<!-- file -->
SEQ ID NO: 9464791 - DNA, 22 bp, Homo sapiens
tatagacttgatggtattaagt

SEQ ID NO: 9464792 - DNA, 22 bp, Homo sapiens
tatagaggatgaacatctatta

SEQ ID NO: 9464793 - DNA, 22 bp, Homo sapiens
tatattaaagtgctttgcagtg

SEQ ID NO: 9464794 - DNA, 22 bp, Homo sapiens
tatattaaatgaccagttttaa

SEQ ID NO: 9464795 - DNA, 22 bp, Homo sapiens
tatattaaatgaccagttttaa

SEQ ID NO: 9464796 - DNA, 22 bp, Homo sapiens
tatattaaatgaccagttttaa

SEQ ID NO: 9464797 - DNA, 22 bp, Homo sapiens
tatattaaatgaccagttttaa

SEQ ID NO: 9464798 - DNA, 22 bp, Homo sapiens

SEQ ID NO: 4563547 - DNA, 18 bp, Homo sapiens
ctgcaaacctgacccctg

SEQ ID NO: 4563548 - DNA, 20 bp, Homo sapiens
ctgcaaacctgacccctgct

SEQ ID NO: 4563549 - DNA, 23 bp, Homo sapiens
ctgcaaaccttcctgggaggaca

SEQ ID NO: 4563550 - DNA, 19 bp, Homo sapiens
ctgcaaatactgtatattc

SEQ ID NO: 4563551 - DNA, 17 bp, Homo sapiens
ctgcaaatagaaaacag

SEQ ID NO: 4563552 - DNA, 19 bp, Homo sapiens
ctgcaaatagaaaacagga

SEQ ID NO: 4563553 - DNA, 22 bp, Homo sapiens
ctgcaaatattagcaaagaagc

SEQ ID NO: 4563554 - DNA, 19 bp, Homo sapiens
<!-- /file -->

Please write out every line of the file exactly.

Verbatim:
SEQ ID NO: 9464791 - DNA, 22 bp, Homo sapiens
tatagacttgatggtattaagt

SEQ ID NO: 9464792 - DNA, 22 bp, Homo sapiens
tatagaggatgaacatctatta

SEQ ID NO: 9464793 - DNA, 22 bp, Homo sapiens
tatattaaagtgctttgcagtg

SEQ ID NO: 9464794 - DNA, 22 bp, Homo sapiens
tatattaaatgaccagttttaa

SEQ ID NO: 9464795 - DNA, 22 bp, Homo sapiens
tatattaaatgaccagttttaa

SEQ ID NO: 9464796 - DNA, 22 bp, Homo sapiens
tatattaaatgaccagttttaa

SEQ ID NO: 9464797 - DNA, 22 bp, Homo sapiens
tatattaaatgaccagttttaa

SEQ ID NO: 9464798 - DNA, 22 bp, Homo sapiens

SEQ ID NO: 4563547 - DNA, 18 bp, Homo sapiens
ctgcaaacctgacccctg

SEQ ID NO: 4563548 - DNA, 20 bp, Homo sapiens
ctgcaaacctgacccctgct

SEQ ID NO: 4563549 - DNA, 23 bp, Homo sapiens
ctgcaaaccttcctgggaggaca

SEQ ID NO: 4563550 - DNA, 19 bp, Homo sapiens
ctgcaaatactgtatattc

SEQ ID NO: 4563551 - DNA, 17 bp, Homo sapiens
ctgcaaatagaaaacag

SEQ ID NO: 4563552 - DNA, 19 bp, Homo sapiens
ctgcaaatagaaaacagga

SEQ ID NO: 4563553 - DNA, 22 bp, Homo sapiens
ctgcaaatattagcaaagaagc

SEQ ID NO: 4563554 - DNA, 19 bp, Homo sapiens